7. 7. HP ProCurve Adaptive EDGE ArchitectureTM intranet secure, mobile, se central cor wire internet mgmt multi-servicde distributio d networks HP ProCurve networks have been delivering meshing technology since 1998 and the company has been an innovator in delivering breakthroughs in edge switches, including its most recent ProCurve EDGE Architecture-compliant Switch 5300 series, at a price point comparable to other vendor’s conventional stacking switches. The HP ProCurve Networking Adaptive EDGE Architecture focuses on: • traffic monitoring to control bandwidth optimization throughout the network grid • integration of industry standard VLAN and industry standard security constructs to provide “out of the box” access management unavailable on non-EDGE enabled ports • complementary implementation of industry standard traffic routing and Layer 2 meshing providing path fail over and multi-path load balancing for robust “always on” reliability • unparalleled range of traffic prioritization features to provide traffic type coexistence and quality of services functions virtually eliminating the need for custom network design architectures to ensure support of current and future voice, video and content delivery applications centralized command of the edge for easy implementation of user security and application policies Emerging Applications and The HP ProCurve Networking Adaptive Edge Architecture HP ProCurve Networking Adaptive EDGE Architecture was created to provide unparalleled support of the nearly limitless applications that will be deployed on Ethernet networks in the foreseeable future. 7
  8. 8. Both today’s and tomorrow’s key business application areas are addressed by the HP ProCurve EDGE Architecture and the HP ProCurve family of products and services. Businesses can benefit directly from the control to the edge technology. Voice over IP (IP Telephony) solutions utilize layer 2, 3 and 4 traffic prioritization to ensure voice packets are not lost and latency is minimized throughout the network edge to edge. HP ProCurve VoIP solutions are open and interoperable with all the major IP telephony players and offer the lowest cost and highest performance of any LAN vendor. HP ProCurve will also offer a layer set of edge access security options for both wired and wireless access. These solutions will take advantage of edge control features including 802.1X port based access control, MAC lockdown and management and attack protection features. The security solutions will also enable a truly secure mobility solution to create wireless LAN connectivity. These solutions will extend the HP Adaptive EDGE Architecture TM into the wireless domain. HP ProCurve Adaptive EDGE Architecture TM security secure, mobile, multi-service networks convergence mobility The HP ProCurve Networking Adaptive EDGE Architecture Is Real Today The Adaptive EDGE Architecture is not just a future vision. Many elements of the architecture are already available in HP ProCurve’s current products, including recently introduced HP ProCurve Switch 5300 Series. Based on HP developed ASICs the 5300 series delivers a broad range of Layer 2, 3 and 4 features for control to the edge. The 5300 series is cost effective at the edge and can be coupled with the 9300 series core switches or used to create a distributed core in a network comprised entirely of 5300 series switches in a meshed – at layer 2 or layer 3 – highly available configuration or grid. 8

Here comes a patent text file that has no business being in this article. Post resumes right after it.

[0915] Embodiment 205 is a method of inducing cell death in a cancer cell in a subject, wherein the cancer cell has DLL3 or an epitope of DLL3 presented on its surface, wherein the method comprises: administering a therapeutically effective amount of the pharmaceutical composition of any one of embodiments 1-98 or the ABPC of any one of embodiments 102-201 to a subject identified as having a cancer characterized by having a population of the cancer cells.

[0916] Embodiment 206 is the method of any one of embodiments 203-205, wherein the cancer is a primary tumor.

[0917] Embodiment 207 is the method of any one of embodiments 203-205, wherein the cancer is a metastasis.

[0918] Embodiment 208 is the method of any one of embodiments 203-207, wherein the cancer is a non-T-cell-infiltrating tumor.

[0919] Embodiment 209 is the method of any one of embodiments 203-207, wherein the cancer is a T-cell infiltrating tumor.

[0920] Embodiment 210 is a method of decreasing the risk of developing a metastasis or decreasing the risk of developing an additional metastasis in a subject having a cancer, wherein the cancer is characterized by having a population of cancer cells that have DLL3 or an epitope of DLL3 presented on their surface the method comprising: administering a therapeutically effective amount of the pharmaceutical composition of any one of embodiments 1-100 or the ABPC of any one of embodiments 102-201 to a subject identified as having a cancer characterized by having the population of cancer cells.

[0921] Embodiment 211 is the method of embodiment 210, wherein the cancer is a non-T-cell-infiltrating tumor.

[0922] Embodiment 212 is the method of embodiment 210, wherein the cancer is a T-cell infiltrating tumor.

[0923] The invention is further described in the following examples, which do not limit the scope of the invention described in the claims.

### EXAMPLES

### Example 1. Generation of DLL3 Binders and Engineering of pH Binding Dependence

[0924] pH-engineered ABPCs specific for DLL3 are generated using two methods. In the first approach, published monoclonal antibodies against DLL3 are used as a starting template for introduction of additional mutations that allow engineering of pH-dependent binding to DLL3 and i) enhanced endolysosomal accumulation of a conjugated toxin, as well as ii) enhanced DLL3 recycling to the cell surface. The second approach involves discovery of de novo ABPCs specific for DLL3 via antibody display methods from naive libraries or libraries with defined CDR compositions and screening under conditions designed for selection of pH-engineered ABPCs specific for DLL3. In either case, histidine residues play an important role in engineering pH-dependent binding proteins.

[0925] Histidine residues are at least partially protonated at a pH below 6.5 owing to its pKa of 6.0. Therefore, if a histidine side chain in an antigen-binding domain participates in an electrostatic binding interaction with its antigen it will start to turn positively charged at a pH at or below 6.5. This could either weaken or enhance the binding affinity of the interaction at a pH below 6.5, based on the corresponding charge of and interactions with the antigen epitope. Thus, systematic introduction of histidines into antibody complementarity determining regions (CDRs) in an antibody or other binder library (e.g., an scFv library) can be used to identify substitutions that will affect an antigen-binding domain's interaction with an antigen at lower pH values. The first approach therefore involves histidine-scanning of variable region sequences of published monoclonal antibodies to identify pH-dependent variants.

9. 9. In 2003, HP ProCurve is delivering the next generation of HP ProCurve Networking Adaptive EDGE Architecture products with Gigabit to the desktop switches that will deliver “near-zero latency” for even the largest files while simultaneously supporting voice, video and other application classes. Summary The future of enterprise networking is clear. Companies must adapt their infrastructure to deploy and support converged, mobile, highly secure networks. These three forces are all related, interactive and interdependent. As a result, enterprises require a three-dimensional architecture that fully integrates and leverages each solution. These new capabilities cannot be effectively deployed without having critical functionality at the edge of the network. In short, control to the edge is the only way to offer full support for today and tomorrow’s applications while ensuring secure, appropriate and mobile access. The HP ProCurve Networking Adaptive EDGE Architecture is the only design that recognizes the necessary migration of functionality to the network edge and gives customers a cost-effective, easy-to- manage solution to achieve command from the center with control to the edge. HP ProCurve Networking Adaptive EDGE Architecture enables companies to preserve networking investments while readying their networks for the future to support business needs and priorities. With HP ProCurve Networking Adaptive EDGE Architecture, a company’s network can truly become an anywhere, anytime resource. 9
  10. 10. For more information More information about the HP ProCurve Networking Adaptive EDGE Architecture is available at More information about HP ProCurve networking solutions and products is available at HP is a leading global provider of products, technologies, solutions and services to consumers and businesses. The company's offerings span IT infrastructure, personal computing and access devices, global services and imaging and printing. HP completed its merger transaction involving Compaq Computer Corp. on May 3, 2002. More information about HP is available at © 2003 Hewlett-Packard Development Company, L.P. The information contained herein is subject to change without notice. The only warranties for HP products and services are set forth in the express warranty statements accompanying such products and services. Nothing herein should be construed as constituting an additional warranty. HP shall not be liable for technical or editorial errors or omissions contained herein. Itanium is a trademark or registered trademark of Intel Corporation in the U.S. and other countries and is used under license. 5981-7042EN, 11/2003